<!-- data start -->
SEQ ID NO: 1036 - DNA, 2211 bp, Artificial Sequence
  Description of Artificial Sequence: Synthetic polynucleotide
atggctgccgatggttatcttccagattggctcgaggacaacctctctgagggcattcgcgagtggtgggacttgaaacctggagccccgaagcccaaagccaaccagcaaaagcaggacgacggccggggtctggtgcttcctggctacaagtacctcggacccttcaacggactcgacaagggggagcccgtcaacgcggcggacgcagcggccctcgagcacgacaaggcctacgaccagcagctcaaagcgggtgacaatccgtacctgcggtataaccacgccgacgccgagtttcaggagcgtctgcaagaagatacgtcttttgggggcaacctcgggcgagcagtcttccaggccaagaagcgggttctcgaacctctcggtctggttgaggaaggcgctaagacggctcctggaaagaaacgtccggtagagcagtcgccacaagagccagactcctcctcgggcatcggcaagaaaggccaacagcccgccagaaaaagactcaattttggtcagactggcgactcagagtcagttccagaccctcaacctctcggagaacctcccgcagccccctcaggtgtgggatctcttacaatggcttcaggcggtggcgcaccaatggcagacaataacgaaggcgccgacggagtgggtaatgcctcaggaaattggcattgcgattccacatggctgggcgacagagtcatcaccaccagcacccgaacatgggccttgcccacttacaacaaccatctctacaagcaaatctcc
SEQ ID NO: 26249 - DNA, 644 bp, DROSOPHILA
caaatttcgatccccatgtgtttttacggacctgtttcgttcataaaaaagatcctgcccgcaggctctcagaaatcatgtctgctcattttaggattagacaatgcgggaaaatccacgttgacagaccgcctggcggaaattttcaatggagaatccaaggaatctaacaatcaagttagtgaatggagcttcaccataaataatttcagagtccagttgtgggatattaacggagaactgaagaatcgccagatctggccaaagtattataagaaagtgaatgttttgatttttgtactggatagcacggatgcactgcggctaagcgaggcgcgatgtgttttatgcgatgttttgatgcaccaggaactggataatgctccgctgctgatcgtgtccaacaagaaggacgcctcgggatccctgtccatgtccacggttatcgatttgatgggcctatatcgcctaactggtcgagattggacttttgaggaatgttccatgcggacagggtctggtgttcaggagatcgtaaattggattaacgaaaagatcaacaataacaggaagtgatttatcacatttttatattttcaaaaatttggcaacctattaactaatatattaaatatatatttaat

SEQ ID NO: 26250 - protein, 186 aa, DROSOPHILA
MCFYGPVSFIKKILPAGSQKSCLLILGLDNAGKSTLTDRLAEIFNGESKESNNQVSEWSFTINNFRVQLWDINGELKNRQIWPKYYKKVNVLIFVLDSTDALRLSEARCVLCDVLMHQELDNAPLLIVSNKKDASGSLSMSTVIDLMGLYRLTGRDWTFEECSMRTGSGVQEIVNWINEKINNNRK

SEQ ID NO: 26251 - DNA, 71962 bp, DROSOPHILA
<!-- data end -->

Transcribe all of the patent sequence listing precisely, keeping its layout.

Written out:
SEQ ID NO: 1036 - DNA, 2211 bp, Artificial Sequence
  Description of Artificial Sequence: Synthetic polynucleotide
atggctgccgatggttatcttccagattggctcgaggacaacctctctgagggcattcgcgagtggtgggacttgaaacctggagccccgaagcccaaagccaaccagcaaaagcaggacgacggccggggtctggtgcttcctggctacaagtacctcggacccttcaacggactcgacaagggggagcccgtcaacgcggcggacgcagcggccctcgagcacgacaaggcctacgaccagcagctcaaagcgggtgacaatccgtacctgcggtataaccacgccgacgccgagtttcaggagcgtctgcaagaagatacgtcttttgggggcaacctcgggcgagcagtcttccaggccaagaagcgggttctcgaacctctcggtctggttgaggaaggcgctaagacggctcctggaaagaaacgtccggtagagcagtcgccacaagagccagactcctcctcgggcatcggcaagaaaggccaacagcccgccagaaaaagactcaattttggtcagactggcgactcagagtcagttccagaccctcaacctctcggagaacctcccgcagccccctcaggtgtgggatctcttacaatggcttcaggcggtggcgcaccaatggcagacaataacgaaggcgccgacggagtgggtaatgcctcaggaaattggcattgcgattccacatggctgggcgacagagtcatcaccaccagcacccgaacatgggccttgcccacttacaacaaccatctctacaagcaaatctcc
SEQ ID NO: 26249 - DNA, 644 bp, DROSOPHILA
caaatttcgatccccatgtgtttttacggacctgtttcgttcataaaaaagatcctgcccgcaggctctcagaaatcatgtctgctcattttaggattagacaatgcgggaaaatccacgttgacagaccgcctggcggaaattttcaatggagaatccaaggaatctaacaatcaagttagtgaatggagcttcaccataaataatttcagagtccagttgtgggatattaacggagaactgaagaatcgccagatctggccaaagtattataagaaagtgaatgttttgatttttgtactggatagcacggatgcactgcggctaagcgaggcgcgatgtgttttatgcgatgttttgatgcaccaggaactggataatgctccgctgctgatcgtgtccaacaagaaggacgcctcgggatccctgtccatgtccacggttatcgatttgatgggcctatatcgcctaactggtcgagattggacttttgaggaatgttccatgcggacagggtctggtgttcaggagatcgtaaattggattaacgaaaagatcaacaataacaggaagtgatttatcacatttttatattttcaaaaatttggcaacctattaactaatatattaaatatatatttaat

SEQ ID NO: 26250 - protein, 186 aa, DROSOPHILA
MCFYGPVSFIKKILPAGSQKSCLLILGLDNAGKSTLTDRLAEIFNGESKESNNQVSEWSFTINNFRVQLWDINGELKNRQIWPKYYKKVNVLIFVLDSTDALRLSEARCVLCDVLMHQELDNAPLLIVSNKKDASGSLSMSTVIDLMGLYRLTGRDWTFEECSMRTGSGVQEIVNWINEKINNNRK

SEQ ID NO: 26251 - DNA, 71962 bp, DROSOPHILA